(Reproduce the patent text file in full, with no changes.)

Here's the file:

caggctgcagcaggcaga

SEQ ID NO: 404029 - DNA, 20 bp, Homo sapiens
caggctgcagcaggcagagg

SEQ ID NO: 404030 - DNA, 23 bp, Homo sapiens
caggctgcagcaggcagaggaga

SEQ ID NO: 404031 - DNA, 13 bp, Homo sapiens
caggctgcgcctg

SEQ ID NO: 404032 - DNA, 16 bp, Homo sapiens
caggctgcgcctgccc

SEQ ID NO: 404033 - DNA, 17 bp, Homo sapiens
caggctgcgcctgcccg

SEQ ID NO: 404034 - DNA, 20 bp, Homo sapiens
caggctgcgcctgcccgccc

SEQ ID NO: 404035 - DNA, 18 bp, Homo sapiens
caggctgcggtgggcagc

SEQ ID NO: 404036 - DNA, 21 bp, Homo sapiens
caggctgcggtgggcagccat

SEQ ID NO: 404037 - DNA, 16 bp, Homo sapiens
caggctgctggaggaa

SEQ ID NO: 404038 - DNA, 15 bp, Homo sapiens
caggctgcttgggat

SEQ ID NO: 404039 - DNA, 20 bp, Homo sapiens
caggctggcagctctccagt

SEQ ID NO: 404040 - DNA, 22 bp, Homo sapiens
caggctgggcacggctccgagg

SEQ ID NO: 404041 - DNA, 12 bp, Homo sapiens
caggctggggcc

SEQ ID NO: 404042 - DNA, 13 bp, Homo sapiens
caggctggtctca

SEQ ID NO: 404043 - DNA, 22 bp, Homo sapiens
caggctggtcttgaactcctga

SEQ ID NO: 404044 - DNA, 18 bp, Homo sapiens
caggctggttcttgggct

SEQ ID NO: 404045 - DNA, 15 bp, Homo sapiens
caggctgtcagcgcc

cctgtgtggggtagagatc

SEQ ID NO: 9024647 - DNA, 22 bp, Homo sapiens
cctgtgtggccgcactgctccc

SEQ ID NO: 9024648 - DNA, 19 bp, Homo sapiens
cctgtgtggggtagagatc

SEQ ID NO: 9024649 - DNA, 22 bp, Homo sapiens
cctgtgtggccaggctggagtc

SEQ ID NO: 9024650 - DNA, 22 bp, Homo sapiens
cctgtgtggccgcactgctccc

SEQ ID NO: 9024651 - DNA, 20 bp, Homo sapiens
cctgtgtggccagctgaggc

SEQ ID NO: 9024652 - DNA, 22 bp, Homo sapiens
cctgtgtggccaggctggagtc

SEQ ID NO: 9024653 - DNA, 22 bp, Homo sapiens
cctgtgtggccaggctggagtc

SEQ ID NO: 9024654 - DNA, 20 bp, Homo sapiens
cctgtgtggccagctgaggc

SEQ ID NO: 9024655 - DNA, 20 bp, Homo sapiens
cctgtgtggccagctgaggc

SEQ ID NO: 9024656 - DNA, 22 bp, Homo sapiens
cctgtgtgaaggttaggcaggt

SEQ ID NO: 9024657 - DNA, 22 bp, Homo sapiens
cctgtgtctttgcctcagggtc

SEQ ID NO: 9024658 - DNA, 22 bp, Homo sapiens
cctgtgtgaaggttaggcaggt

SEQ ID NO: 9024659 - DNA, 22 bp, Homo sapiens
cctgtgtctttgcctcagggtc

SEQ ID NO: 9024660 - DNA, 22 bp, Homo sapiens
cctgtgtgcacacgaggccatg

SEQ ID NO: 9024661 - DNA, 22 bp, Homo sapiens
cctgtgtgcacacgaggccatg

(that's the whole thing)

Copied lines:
caggctgcagcaggcaga

SEQ ID NO: 404029 - DNA, 20 bp, Homo sapiens
caggctgcagcaggcagagg

SEQ ID NO: 404030 - DNA, 23 bp, Homo sapiens
caggctgcagcaggcagaggaga

SEQ ID NO: 404031 - DNA, 13 bp, Homo sapiens
caggctgcgcctg

SEQ ID NO: 404032 - DNA, 16 bp, Homo sapiens
caggctgcgcctgccc

SEQ ID NO: 404033 - DNA, 17 bp, Homo sapiens
caggctgcgcctgcccg

SEQ ID NO: 404034 - DNA, 20 bp, Homo sapiens
caggctgcgcctgcccgccc

SEQ ID NO: 404035 - DNA, 18 bp, Homo sapiens
caggctgcggtgggcagc

SEQ ID NO: 404036 - DNA, 21 bp, Homo sapiens
caggctgcggtgggcagccat

SEQ ID NO: 404037 - DNA, 16 bp, Homo sapiens
caggctgctggaggaa

SEQ ID NO: 404038 - DNA, 15 bp, Homo sapiens
caggctgcttgggat

SEQ ID NO: 404039 - DNA, 20 bp, Homo sapiens
caggctggcagctctccagt

SEQ ID NO: 404040 - DNA, 22 bp, Homo sapiens
caggctgggcacggctccgagg

SEQ ID NO: 404041 - DNA, 12 bp, Homo sapiens
caggctggggcc

SEQ ID NO: 404042 - DNA, 13 bp, Homo sapiens
caggctggtctca

SEQ ID NO: 404043 - DNA, 22 bp, Homo sapiens
caggctggtcttgaactcctga

SEQ ID NO: 404044 - DNA, 18 bp, Homo sapiens
caggctggttcttgggct

SEQ ID NO: 404045 - DNA, 15 bp, Homo sapiens
caggctgtcagcgcc

cctgtgtggggtagagatc

SEQ ID NO: 9024647 - DNA, 22 bp, Homo sapiens
cctgtgtggccgcactgctccc

SEQ ID NO: 9024648 - DNA, 19 bp, Homo sapiens
cctgtgtggggtagagatc

SEQ ID NO: 9024649 - DNA, 22 bp, Homo sapiens
cctgtgtggccaggctggagtc

SEQ ID NO: 9024650 - DNA, 22 bp, Homo sapiens
cctgtgtggccgcactgctccc

SEQ ID NO: 9024651 - DNA, 20 bp, Homo sapiens
cctgtgtggccagctgaggc

SEQ ID NO: 9024652 - DNA, 22 bp, Homo sapiens
cctgtgtggccaggctggagtc

SEQ ID NO: 9024653 - DNA, 22 bp, Homo sapiens
cctgtgtggccaggctggagtc

SEQ ID NO: 9024654 - DNA, 20 bp, Homo sapiens
cctgtgtggccagctgaggc

SEQ ID NO: 9024655 - DNA, 20 bp, Homo sapiens
cctgtgtggccagctgaggc

SEQ ID NO: 9024656 - DNA, 22 bp, Homo sapiens
cctgtgtgaaggttaggcaggt

SEQ ID NO: 9024657 - DNA, 22 bp, Homo sapiens
cctgtgtctttgcctcagggtc

SEQ ID NO: 9024658 - DNA, 22 bp, Homo sapiens
cctgtgtgaaggttaggcaggt

SEQ ID NO: 9024659 - DNA, 22 bp, Homo sapiens
cctgtgtctttgcctcagggtc

SEQ ID NO: 9024660 - DNA, 22 bp, Homo sapiens
cctgtgtgcacacgaggccatg

SEQ ID NO: 9024661 - DNA, 22 bp, Homo sapiens
cctgtgtgcacacgaggccatg